how you think people will
respond to this situation….
• Before he carried out his experiment,
Milgram asked several psychiatrists to
predict how many subjects would comply
with the experiment & shock the learners
• They predicted that only 1% would go to
the highest voltage.
• What do you think happened? Watch the
video on the next slide to find out.
Click Here To View Video
• To his surprise, Milgram found that a high
percentage of people (over 60% of subjects)
obeyed the experimenter even to the point of
going to the highest voltage level
• You can refer to Figure 44.2 on p. 611 of your text
for more info re: the obedience rates.
• Those who did resist most commonly did so early
• In a series of follow-up studies, Milgram &
his associates varied the details of the study
to see how this would affect rates of
• Here’s what they found…
• Refer to the scale on the vertical y axis to determine the % of subjects
who obeyed in administering shocks in the various situations.
Things to notice about the
• Obedience is higher when a peer first models
obedience, when the subject is only expected to
assist another person who actually administers the
shock or when the victim (i.e., ―learner‖) is
• Some of the things that decrease obedience are
when the subject sees another person refusing to
obey or when two authorities give contradictory
• The Asch, Zimbardo & Milgram studies all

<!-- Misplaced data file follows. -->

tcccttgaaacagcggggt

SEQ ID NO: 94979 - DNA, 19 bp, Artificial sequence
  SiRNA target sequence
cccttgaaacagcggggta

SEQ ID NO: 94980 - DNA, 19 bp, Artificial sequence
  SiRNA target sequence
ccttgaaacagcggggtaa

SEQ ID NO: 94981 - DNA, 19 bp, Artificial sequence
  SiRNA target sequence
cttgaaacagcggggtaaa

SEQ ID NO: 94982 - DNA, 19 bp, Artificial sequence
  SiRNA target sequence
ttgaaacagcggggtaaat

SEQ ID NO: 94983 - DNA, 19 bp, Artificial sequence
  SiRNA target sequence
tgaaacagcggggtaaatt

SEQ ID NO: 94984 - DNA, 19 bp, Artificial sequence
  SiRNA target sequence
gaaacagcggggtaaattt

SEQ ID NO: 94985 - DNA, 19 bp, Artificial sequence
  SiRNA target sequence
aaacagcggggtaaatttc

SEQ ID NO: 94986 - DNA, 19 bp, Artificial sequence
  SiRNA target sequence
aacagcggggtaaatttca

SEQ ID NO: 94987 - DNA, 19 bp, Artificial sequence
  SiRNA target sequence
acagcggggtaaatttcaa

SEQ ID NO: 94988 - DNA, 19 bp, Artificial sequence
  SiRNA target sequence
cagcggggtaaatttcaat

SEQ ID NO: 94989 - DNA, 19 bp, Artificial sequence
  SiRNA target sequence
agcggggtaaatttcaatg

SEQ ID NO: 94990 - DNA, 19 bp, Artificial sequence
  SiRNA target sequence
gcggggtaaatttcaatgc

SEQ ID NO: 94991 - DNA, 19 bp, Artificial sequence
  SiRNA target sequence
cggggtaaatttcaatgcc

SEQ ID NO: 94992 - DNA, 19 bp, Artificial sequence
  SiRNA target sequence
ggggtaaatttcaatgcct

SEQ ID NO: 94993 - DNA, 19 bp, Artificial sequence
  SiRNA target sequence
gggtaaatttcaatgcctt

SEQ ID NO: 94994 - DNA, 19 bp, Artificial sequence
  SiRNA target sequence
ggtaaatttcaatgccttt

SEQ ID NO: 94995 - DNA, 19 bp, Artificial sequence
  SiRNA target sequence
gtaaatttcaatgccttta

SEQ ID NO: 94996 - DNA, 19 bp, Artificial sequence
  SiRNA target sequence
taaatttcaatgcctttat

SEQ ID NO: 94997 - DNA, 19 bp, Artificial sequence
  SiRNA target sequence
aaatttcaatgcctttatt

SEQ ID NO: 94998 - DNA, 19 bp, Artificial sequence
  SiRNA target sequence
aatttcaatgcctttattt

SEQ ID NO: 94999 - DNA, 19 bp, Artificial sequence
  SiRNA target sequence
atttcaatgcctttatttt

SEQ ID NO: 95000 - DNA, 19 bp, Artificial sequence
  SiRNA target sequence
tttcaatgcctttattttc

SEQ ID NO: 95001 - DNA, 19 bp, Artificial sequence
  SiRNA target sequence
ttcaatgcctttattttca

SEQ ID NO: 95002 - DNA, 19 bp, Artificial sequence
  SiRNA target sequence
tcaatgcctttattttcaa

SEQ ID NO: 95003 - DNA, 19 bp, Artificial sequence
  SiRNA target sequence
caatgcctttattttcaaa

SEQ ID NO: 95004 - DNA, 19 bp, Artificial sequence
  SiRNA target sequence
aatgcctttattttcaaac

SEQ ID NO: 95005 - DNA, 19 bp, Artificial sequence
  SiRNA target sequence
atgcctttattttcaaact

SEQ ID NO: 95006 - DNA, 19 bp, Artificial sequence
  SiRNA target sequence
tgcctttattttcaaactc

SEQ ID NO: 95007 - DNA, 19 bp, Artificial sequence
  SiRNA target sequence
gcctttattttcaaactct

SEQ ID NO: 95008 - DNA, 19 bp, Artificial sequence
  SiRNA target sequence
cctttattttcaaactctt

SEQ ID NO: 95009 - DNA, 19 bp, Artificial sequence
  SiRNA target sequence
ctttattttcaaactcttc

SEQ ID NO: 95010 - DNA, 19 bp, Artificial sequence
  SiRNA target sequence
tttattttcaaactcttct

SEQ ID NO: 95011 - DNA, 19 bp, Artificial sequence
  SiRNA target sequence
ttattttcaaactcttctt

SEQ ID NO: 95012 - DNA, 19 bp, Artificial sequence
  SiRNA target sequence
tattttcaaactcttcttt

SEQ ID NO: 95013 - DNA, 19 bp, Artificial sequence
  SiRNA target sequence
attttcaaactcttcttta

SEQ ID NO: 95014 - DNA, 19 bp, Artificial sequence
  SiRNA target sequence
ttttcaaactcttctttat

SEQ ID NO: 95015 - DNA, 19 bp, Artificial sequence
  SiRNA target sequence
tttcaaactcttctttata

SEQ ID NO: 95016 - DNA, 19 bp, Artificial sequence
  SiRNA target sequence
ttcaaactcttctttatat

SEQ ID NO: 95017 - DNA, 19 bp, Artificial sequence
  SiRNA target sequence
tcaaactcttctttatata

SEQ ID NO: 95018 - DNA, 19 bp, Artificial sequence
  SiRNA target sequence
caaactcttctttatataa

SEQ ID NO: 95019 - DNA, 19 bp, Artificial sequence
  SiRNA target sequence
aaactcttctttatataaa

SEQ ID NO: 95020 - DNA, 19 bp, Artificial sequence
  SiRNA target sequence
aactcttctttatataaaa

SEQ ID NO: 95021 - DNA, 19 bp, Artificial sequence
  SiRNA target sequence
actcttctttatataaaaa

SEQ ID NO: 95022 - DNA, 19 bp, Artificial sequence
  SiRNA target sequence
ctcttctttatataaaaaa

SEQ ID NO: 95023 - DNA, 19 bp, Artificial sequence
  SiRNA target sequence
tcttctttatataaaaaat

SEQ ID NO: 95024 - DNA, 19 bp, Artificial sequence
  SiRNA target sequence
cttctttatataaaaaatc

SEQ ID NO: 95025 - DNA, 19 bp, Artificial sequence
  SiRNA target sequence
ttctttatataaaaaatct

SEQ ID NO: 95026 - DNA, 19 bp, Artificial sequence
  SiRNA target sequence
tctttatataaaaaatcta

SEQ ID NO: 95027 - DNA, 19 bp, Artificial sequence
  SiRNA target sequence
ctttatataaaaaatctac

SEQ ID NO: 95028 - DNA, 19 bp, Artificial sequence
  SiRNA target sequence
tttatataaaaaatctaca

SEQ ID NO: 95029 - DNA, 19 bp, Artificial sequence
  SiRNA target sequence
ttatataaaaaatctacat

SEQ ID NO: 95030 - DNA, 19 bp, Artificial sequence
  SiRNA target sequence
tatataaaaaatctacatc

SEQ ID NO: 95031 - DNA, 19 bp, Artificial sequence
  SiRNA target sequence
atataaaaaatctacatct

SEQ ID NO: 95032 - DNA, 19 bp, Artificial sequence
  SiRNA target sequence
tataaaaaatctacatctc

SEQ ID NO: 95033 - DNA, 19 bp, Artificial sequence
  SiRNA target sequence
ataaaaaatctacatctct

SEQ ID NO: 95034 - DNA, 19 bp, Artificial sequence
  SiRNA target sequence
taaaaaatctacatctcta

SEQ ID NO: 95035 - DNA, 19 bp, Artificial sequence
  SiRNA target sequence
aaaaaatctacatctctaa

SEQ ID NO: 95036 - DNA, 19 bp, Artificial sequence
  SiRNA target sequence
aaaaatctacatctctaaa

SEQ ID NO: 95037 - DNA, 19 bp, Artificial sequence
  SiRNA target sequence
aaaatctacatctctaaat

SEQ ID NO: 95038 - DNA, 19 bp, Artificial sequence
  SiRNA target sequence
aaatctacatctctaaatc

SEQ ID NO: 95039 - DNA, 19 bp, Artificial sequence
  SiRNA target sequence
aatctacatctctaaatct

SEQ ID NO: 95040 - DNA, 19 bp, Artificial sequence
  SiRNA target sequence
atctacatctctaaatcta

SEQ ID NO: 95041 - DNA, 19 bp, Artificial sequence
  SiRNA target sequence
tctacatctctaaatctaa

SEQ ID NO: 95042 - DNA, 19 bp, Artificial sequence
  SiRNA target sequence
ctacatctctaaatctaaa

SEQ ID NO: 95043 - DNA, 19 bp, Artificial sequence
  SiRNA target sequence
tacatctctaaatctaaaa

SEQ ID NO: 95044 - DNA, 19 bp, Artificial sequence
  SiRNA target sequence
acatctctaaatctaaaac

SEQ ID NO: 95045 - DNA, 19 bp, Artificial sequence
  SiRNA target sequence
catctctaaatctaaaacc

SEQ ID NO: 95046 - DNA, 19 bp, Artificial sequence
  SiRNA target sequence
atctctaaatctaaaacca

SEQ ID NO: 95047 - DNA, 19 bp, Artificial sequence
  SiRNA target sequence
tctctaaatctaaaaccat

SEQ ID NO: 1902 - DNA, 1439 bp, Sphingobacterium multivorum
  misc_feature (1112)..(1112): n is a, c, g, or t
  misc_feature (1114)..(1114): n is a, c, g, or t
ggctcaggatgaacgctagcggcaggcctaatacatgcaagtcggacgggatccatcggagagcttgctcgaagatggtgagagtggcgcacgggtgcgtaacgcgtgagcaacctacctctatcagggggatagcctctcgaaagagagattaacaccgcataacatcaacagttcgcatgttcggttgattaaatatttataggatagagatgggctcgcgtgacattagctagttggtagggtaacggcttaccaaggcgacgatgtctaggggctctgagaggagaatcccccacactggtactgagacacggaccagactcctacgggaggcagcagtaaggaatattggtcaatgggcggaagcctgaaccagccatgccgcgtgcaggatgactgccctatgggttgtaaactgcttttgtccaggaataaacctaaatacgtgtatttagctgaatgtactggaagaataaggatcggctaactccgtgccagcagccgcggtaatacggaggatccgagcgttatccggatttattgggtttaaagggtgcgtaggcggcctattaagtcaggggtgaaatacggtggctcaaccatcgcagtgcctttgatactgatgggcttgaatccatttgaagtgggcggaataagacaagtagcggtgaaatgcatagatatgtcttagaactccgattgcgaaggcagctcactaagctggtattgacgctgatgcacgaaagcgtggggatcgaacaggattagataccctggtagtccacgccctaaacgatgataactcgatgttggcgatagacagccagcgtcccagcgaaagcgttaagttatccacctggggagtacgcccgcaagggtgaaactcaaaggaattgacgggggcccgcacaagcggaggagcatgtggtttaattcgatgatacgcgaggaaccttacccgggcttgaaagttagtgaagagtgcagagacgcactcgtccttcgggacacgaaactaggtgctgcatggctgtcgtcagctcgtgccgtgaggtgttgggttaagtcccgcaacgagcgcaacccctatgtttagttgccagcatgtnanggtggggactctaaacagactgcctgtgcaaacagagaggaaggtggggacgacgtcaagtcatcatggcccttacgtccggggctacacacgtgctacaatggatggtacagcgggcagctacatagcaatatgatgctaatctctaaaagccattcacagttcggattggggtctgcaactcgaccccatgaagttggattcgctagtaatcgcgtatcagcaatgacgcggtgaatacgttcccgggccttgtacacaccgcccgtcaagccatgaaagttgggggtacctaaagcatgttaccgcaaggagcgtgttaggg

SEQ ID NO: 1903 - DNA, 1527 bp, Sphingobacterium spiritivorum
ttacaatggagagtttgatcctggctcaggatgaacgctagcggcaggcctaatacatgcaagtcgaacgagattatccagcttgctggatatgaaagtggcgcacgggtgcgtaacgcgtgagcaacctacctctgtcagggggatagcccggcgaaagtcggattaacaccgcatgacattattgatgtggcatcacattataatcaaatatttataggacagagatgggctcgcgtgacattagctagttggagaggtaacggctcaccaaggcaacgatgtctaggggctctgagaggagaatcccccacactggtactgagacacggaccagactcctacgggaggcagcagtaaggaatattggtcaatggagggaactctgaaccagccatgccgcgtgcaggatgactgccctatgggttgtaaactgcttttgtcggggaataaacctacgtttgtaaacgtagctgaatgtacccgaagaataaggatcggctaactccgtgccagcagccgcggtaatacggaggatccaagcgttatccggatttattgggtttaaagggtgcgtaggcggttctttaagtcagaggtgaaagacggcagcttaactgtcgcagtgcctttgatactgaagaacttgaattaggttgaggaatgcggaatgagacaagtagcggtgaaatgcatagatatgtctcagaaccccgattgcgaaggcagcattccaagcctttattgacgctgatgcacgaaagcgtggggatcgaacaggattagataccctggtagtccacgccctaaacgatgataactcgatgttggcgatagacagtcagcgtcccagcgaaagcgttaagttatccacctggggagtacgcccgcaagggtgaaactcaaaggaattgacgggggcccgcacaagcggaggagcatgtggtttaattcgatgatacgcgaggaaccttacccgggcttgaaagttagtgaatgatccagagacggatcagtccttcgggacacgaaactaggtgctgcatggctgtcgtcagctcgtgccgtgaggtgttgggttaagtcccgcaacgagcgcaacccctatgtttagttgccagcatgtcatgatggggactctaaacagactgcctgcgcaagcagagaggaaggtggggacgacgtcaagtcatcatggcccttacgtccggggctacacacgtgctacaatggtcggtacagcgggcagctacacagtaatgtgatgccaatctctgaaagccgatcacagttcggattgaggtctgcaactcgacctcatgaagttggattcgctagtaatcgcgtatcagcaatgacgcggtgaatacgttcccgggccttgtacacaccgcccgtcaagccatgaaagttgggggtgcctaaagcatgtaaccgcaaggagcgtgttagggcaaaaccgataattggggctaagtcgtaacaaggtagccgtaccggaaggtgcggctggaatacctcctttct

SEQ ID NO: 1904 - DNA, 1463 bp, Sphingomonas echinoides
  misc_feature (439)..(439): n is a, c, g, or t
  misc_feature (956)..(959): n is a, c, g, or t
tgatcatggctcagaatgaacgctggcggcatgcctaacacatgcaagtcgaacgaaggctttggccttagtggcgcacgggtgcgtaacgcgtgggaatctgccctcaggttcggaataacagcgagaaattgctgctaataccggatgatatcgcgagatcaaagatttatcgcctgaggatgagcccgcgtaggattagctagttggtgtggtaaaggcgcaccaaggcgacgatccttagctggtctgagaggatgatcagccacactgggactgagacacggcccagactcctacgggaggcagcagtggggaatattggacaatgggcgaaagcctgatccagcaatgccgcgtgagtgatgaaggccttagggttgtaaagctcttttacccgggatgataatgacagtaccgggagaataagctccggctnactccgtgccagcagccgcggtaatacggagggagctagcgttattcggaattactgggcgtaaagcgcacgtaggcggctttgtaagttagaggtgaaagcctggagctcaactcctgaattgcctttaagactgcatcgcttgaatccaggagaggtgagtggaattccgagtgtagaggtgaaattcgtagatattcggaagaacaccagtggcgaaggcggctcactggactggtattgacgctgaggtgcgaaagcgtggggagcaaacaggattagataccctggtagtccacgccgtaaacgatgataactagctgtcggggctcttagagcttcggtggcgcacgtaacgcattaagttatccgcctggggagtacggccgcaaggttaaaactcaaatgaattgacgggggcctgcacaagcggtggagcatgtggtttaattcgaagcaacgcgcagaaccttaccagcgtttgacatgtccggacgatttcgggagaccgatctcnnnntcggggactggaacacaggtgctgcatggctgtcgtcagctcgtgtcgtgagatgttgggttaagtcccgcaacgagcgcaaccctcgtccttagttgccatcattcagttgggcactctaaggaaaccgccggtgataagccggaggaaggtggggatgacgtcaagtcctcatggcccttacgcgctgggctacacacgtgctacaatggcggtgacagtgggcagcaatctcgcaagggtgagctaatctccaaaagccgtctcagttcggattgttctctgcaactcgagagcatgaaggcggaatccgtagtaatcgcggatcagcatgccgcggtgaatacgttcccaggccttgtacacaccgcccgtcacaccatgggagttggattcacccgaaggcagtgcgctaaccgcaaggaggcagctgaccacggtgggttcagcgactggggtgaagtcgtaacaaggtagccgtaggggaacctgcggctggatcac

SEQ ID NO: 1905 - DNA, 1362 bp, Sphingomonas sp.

demonstrate the impact of situation on our
behavior—how strong it’s influence can be.
• Milgram’s & Asch’s study also demonstrated that
subject exhibit less conformity & obedience when
others were also modeling willingness to disagree
& refuse to participate. So one person who
disagrees with an incorrect group decision or
resists an inappropriate order or an injustice can
make a big difference!
Questions to ask yourself…
• Are you surprised to find how many people
were willing to obey the experimenter in
this study? Why or why not?
• Some people have criticized the Milgram
study. They have argued that it was
unethical to deceive subjects in this manner,
and they feel that the study never should
have been done. What do you think?
– Do these experiments convince you that
social forces have a big impact on our
– Do you believe that there are some
situations in which social forces play
more of a role in determining a person’s
behavior than does that individual’s
– Can you really know how you would have
behaved in the situations studied in these